In a business combination, the fair value of a business acquired may exceed the net fair value of its identifiable assets and liabilities. The excess or premium paid is “goodwill” and is shown separately in the consolidated balance sheet of an acquirer. Very often, the amount of goodwill is substantial and it may remain on the balance sheet for quite a long time. It is useful for investors to understand more about goodwill.

Goodwill acquired in a business combination is an asset representing “the future economic benefits arising from other assets acquired in a business combination that are not individually identified and separately recognised”. Goodwill is a non-monetary asset without physical substance. It may represent expected synergies from combining operations of the acquiree and the acquirer, or intangible assets that do not qualify for separate recognition in the financial statements. Goodwill cannot exist independently of the business, nor can it be sold, purchased or transferred separately. It differs from other intangible assets that can be divided from the company and sold, transferred, licensed, rented or exchanged, such as computer software, licences, trademarks, patents, films, copyrights and import quotas. Goodwill also does not include contractual or other legal rights.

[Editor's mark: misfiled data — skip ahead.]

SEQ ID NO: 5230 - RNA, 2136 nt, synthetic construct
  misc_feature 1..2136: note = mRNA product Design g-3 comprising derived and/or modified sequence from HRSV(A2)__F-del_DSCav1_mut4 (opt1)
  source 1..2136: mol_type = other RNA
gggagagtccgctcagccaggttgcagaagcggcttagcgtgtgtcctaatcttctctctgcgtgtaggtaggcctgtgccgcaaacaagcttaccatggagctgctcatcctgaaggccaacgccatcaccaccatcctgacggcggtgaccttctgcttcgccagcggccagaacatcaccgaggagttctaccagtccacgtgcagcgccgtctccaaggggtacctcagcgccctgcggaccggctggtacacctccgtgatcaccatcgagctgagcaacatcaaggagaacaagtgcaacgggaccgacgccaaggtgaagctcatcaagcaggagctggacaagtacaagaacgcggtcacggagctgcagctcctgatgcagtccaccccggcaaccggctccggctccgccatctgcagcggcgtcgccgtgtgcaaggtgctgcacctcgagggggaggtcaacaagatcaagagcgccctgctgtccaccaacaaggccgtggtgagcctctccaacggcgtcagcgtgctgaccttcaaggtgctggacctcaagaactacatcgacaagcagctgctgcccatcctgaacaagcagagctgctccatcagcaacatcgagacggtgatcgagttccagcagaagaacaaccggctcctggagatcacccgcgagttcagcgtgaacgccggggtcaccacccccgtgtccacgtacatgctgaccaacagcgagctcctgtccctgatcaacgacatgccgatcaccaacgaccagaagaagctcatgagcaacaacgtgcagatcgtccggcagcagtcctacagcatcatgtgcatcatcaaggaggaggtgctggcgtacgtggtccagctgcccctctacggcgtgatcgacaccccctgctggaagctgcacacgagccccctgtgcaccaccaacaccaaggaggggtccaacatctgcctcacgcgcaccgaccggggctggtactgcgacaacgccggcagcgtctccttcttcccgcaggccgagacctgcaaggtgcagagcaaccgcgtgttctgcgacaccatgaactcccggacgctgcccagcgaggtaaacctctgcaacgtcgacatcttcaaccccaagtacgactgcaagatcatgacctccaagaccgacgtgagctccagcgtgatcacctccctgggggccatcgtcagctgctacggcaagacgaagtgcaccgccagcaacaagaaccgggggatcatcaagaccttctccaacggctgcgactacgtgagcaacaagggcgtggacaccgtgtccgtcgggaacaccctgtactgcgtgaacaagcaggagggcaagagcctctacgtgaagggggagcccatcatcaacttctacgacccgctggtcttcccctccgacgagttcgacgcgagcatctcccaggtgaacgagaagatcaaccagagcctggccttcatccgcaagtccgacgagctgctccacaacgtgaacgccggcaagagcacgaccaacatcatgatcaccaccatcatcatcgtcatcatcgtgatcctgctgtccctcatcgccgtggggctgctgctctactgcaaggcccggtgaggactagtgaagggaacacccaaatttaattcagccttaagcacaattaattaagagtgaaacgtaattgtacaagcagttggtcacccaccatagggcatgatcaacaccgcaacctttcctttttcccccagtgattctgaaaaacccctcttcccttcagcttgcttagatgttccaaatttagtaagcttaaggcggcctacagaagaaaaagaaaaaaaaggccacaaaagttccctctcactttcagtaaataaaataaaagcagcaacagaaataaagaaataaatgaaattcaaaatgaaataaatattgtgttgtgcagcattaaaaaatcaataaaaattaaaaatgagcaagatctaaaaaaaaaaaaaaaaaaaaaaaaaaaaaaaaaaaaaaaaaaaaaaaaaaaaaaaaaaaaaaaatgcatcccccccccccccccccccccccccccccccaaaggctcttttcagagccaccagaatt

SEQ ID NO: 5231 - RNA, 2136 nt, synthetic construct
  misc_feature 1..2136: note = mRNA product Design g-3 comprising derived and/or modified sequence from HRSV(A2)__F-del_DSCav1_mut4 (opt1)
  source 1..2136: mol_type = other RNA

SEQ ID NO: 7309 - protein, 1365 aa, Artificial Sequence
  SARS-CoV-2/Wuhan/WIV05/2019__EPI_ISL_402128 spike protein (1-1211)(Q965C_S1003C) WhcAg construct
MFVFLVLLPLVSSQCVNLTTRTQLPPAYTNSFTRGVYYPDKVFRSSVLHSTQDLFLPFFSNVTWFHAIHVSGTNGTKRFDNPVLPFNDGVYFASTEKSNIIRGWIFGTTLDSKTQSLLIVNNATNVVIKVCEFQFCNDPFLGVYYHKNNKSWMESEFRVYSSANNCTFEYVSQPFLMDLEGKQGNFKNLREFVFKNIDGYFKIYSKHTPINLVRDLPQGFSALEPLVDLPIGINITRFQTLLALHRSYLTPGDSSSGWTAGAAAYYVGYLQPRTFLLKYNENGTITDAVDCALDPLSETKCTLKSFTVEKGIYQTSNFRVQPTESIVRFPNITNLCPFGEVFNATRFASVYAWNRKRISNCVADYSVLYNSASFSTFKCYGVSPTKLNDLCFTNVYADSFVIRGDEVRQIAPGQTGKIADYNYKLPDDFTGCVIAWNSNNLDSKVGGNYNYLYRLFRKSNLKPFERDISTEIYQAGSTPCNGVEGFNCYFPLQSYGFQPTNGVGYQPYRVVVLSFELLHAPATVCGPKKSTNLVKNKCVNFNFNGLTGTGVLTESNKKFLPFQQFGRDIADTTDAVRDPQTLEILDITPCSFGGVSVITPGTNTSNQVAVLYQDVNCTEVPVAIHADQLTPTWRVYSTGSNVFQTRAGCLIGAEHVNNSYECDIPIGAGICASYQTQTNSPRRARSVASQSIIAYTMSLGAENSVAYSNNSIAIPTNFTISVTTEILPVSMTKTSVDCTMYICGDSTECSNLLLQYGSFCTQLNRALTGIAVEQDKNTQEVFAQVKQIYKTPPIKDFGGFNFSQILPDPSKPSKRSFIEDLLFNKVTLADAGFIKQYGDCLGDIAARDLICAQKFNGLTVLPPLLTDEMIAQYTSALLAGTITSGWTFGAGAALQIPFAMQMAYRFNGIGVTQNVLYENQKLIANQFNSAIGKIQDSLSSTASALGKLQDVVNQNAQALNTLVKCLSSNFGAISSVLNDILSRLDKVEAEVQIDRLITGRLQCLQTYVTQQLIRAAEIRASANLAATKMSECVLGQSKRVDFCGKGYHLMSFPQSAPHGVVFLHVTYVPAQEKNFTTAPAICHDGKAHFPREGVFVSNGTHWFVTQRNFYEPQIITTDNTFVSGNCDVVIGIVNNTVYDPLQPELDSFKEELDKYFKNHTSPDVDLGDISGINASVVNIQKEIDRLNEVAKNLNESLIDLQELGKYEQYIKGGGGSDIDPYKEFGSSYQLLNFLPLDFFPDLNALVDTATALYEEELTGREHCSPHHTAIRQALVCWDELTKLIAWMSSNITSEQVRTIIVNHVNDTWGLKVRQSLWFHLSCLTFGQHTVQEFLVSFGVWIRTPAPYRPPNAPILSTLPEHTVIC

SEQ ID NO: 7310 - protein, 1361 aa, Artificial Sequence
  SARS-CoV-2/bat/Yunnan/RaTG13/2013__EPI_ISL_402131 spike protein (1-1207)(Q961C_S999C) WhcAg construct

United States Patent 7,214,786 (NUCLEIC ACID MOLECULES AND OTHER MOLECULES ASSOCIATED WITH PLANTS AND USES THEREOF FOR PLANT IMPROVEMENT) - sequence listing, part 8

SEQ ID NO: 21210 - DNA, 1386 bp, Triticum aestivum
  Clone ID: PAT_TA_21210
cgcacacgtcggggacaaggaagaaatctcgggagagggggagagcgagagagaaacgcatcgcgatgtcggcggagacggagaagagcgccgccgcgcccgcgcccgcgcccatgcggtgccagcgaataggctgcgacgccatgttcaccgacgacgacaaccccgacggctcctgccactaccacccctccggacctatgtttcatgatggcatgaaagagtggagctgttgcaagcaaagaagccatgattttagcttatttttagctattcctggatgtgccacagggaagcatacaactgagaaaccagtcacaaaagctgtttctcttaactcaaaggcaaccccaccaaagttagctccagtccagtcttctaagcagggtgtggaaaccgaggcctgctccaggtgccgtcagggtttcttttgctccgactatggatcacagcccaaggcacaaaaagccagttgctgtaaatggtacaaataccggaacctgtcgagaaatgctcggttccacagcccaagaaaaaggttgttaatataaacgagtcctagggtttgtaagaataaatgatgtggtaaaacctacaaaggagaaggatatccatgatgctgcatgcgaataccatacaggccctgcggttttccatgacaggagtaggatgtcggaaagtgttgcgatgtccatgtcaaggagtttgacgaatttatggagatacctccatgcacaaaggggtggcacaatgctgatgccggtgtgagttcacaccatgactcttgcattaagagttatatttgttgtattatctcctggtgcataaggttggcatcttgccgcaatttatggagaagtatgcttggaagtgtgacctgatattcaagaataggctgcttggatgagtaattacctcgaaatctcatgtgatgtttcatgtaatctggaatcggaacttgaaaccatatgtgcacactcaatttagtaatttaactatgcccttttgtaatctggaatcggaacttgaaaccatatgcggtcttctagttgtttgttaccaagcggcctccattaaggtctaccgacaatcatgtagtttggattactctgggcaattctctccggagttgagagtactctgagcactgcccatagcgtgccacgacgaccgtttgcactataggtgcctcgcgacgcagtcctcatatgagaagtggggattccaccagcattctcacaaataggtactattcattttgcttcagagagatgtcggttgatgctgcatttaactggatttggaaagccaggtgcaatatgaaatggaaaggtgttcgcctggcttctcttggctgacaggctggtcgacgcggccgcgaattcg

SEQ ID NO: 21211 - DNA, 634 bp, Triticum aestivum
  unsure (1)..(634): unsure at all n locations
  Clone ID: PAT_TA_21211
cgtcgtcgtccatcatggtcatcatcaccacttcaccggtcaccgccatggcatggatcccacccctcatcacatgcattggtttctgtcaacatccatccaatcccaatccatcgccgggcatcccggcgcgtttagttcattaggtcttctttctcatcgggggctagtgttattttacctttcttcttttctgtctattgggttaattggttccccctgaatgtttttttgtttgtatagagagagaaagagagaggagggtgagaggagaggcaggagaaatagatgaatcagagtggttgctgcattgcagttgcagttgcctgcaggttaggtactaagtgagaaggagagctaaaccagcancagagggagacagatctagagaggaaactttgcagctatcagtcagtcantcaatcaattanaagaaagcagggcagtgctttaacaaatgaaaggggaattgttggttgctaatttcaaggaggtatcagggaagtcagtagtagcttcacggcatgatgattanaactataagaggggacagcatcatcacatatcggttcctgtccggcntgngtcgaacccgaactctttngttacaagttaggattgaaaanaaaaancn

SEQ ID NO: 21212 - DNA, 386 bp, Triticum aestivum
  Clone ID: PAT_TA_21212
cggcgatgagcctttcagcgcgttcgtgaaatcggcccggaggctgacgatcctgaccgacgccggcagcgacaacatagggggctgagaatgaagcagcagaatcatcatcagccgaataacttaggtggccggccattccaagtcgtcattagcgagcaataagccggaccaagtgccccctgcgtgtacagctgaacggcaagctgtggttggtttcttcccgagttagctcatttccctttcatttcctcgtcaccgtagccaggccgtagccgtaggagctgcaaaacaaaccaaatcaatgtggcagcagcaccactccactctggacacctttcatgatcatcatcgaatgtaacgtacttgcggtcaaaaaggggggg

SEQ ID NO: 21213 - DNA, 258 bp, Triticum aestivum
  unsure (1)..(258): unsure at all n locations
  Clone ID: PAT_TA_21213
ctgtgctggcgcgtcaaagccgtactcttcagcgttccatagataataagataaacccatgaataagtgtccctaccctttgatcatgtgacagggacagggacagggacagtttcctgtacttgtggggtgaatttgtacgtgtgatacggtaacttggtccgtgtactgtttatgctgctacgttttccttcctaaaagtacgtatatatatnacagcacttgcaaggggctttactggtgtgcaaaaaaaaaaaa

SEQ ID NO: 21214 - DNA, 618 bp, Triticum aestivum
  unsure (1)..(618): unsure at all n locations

How to determine goodwill?

Assuming that a business combination involves an acquisition of a 100% equity interest in a company, goodwill is measured as the difference between the consideration transferred and the acquisition-date fair values of identifiable net assets (including the identifiable intangible assets).

The following example illustrates how to determine goodwill acquired in a business combination.

Company A acquires Company X with a consideration of $1,000,000. The acquisition-date fair values of Company X’s assets and liabilities are $950,000 and $400,000, respectively.

How to determine goodwill?

Goodwill is an intangible asset with an indefinite life. It is subject to an annual impairment review. Impairment of goodwill arises if there is decline in the expected benefit to be derived from the acquired business. Investors need to pay attention to subsequent impairment assessment of goodwill by management and conclusion by auditors. You can read the article "What is Asset Impairment?" to understand more about impairment of an asset.